For the first three quarters of Die, Monster, Die!, the biggest mystery in the film is how wheelchair-bound Boris Karloff gets around so well. The lifts become visible in the last act.
Karloff’s British upper crust whose family name has fallen on hard times thanks to an embarrassing father. Satanic ritual embarrassing, not hounding the ladies embarrassing. He’s also stupid. Karloff has a really hard time with that part of the role. He’s not convincingly dumb… or dangerous for that matter.
Still, he does better than Nick Adams. Adams is the young American courting Karloff’s daughter. Adams’s hair is Monster‘s second great mystery. Why aren’t there any scenes of him pomading it? Especially since he has an indoor style and an outdoor one.
When Monster is good–and Adams’s investigation of the creepy goings-on often aren’t bad–Adams is serviceable. Sadly he’s never convincing as Suzan Farmer’s suitor. He comes off like a protective younger bother (I forgot to mention, Adams looks like he’s twelve).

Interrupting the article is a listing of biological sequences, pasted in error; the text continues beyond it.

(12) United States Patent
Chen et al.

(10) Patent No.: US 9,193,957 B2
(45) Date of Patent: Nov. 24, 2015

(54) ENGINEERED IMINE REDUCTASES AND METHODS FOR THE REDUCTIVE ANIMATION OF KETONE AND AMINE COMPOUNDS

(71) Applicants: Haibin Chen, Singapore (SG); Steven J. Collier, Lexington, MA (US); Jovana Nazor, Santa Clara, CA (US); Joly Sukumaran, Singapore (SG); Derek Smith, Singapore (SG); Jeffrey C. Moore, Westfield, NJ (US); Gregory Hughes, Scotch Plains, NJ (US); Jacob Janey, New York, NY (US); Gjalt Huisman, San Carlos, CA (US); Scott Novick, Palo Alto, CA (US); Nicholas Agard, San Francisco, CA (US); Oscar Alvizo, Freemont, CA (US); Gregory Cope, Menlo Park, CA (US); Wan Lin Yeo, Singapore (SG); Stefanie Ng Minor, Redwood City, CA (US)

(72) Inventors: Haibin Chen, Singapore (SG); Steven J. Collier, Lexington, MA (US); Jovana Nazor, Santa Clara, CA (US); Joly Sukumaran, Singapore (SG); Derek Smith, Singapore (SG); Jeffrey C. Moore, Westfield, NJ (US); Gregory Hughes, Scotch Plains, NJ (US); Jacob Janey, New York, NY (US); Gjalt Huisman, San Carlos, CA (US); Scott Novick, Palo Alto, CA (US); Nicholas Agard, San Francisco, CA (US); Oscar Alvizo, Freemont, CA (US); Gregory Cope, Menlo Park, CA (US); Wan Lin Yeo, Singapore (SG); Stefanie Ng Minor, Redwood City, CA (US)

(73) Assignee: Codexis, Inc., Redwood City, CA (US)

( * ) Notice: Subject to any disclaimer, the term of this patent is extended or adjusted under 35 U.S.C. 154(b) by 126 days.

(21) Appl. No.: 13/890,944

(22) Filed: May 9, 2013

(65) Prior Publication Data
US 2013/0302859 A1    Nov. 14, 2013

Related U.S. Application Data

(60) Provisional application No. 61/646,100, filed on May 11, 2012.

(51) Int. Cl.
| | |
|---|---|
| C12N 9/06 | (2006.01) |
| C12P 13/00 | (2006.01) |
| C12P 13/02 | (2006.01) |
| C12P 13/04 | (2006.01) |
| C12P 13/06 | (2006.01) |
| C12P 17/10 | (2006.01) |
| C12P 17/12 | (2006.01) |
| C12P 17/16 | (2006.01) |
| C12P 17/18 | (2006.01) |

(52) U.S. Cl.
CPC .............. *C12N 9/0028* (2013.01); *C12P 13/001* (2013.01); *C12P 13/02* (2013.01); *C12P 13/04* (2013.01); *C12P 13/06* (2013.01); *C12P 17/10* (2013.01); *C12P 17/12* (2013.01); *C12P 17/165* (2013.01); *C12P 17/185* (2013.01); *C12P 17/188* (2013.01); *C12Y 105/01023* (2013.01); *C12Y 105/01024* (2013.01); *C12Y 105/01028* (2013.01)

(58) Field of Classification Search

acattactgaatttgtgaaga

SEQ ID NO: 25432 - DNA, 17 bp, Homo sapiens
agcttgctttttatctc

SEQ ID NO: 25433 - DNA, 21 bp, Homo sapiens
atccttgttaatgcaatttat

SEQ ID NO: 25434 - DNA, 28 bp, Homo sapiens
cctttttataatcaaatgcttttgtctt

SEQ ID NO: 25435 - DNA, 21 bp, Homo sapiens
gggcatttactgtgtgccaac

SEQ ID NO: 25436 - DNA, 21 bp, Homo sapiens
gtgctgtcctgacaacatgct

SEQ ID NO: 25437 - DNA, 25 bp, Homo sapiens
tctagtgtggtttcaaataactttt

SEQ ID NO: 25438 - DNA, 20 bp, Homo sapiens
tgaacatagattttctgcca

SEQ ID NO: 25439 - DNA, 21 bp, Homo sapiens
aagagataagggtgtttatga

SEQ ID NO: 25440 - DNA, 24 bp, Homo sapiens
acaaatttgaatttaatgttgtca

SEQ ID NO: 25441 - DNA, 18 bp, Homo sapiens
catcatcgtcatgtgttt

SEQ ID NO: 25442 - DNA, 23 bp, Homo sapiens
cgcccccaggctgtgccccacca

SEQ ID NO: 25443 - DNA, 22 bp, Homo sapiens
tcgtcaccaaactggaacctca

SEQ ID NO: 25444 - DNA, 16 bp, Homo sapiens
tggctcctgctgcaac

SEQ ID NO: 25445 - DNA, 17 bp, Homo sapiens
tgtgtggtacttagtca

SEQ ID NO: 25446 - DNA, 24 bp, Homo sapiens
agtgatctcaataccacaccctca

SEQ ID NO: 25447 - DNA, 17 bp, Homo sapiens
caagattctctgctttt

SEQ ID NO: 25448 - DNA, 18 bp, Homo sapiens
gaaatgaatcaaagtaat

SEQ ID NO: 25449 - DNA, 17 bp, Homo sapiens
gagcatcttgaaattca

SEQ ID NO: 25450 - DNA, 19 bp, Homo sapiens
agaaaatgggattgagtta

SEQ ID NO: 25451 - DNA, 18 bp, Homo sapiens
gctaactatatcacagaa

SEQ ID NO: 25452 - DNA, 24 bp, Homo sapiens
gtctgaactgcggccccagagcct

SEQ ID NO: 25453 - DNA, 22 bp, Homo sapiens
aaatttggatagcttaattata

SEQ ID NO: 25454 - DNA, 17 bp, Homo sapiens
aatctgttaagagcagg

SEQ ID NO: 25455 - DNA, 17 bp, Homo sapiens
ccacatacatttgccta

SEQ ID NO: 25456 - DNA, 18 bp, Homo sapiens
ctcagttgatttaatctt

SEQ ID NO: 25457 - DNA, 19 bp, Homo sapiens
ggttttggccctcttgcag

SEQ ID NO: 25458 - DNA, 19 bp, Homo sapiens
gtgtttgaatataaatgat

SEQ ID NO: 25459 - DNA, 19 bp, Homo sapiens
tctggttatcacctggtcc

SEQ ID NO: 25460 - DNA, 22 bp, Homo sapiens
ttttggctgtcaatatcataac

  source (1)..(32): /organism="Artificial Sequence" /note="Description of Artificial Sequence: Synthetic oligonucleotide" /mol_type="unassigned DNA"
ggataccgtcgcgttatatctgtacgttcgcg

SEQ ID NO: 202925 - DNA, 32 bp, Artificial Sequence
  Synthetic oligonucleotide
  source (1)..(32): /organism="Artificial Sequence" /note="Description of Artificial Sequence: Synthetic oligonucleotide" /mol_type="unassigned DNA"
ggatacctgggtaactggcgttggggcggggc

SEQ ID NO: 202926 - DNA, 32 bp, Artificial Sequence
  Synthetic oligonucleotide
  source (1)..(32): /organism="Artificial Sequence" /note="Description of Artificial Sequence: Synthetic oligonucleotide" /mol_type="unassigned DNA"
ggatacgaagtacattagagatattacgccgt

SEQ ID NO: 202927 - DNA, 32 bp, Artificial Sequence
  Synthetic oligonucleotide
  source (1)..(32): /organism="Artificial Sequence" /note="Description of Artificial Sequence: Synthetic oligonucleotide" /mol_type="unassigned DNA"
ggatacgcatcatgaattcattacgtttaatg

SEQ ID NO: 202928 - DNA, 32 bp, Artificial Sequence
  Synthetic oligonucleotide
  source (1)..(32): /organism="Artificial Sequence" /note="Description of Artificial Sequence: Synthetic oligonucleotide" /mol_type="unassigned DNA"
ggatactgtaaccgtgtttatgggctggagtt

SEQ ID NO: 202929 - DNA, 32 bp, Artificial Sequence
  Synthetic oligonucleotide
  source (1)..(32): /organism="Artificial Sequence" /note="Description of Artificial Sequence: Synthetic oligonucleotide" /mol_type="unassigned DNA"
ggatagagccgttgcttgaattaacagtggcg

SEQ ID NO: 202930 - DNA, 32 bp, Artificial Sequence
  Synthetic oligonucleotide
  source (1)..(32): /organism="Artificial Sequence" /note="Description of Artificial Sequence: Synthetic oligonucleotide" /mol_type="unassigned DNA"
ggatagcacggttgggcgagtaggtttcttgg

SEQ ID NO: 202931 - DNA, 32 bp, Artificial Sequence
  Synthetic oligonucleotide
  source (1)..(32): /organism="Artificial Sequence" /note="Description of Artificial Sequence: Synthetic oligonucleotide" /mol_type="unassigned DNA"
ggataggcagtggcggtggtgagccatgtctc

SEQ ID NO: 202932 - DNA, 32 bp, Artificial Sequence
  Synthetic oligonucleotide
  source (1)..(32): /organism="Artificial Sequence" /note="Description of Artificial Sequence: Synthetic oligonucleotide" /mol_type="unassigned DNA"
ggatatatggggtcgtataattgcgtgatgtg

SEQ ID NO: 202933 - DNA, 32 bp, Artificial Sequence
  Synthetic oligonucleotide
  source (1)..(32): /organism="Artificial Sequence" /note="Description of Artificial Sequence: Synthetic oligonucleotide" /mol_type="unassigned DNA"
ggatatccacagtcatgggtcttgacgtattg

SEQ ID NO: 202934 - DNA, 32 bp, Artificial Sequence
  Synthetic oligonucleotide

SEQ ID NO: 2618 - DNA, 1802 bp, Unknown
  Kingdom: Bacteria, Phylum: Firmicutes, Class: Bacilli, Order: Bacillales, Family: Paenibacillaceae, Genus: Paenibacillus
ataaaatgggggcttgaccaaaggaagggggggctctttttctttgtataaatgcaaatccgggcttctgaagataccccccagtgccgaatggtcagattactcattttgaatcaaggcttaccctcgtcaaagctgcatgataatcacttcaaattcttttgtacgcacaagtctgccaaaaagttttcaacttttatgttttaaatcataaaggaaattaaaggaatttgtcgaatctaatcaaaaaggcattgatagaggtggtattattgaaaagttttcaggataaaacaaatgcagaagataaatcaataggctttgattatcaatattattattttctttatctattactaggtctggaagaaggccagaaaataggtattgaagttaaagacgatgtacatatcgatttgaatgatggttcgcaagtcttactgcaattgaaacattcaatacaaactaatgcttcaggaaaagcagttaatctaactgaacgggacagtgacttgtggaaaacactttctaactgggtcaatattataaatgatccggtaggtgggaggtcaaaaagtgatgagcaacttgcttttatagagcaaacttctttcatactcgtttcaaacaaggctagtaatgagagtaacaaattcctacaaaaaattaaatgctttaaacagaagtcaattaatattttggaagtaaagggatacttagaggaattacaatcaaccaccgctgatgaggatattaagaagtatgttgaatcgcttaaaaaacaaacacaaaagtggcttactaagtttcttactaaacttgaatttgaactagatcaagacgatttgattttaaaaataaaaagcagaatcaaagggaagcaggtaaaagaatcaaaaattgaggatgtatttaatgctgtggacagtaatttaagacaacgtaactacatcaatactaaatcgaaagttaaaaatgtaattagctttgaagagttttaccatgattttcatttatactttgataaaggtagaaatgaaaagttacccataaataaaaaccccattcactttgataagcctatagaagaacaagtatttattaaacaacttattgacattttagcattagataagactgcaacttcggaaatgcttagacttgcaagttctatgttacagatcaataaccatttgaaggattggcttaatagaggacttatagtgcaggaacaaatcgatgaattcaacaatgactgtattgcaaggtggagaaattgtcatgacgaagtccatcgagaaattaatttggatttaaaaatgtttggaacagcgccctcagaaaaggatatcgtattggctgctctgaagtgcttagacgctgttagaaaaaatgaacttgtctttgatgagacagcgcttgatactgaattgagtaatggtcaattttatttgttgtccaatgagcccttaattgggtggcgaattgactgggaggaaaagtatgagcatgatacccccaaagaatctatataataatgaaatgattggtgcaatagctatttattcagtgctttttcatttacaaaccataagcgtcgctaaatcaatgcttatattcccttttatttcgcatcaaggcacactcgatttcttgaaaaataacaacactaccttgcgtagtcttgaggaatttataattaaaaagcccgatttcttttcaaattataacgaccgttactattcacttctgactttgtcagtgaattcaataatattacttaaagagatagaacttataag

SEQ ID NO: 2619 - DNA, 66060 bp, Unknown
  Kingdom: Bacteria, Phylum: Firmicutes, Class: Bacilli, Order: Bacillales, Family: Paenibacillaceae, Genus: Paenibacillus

Farmer is quite good, even if Jerry Sohl’s script seems to give her good material by accident. As her ailing mother, Freda Jackson is excellent.
Director Haller does a great job fifty percent of the time. He’ll fully utilize the wide screen one shot, then do something lame the next. It’s frustrating, especially since he’s got fine photography from Paul Beeson. Alfred Cox’s editing, however, is a disaster.
While the multiple (weak) endings hurt the picture, there’s definitely some good stuff to it.
Directed by Daniel Haller; screenplay by Jerry Sohl, based on a story by H.P. Lovecraft; director of photography, Paul Beeson; edited by Alfred Cox; music by Don Banks; produced by Pat Green; released by American International Pictures.
Starring Boris Karloff (Nahum Witley), Nick Adams (Stephen Reinhart), Freda Jackson (Letitia Witley), Suzan Farmer (Susan Witley), Terence de Marney (Merwyn) and Patrick Magee (Dr. Henderson).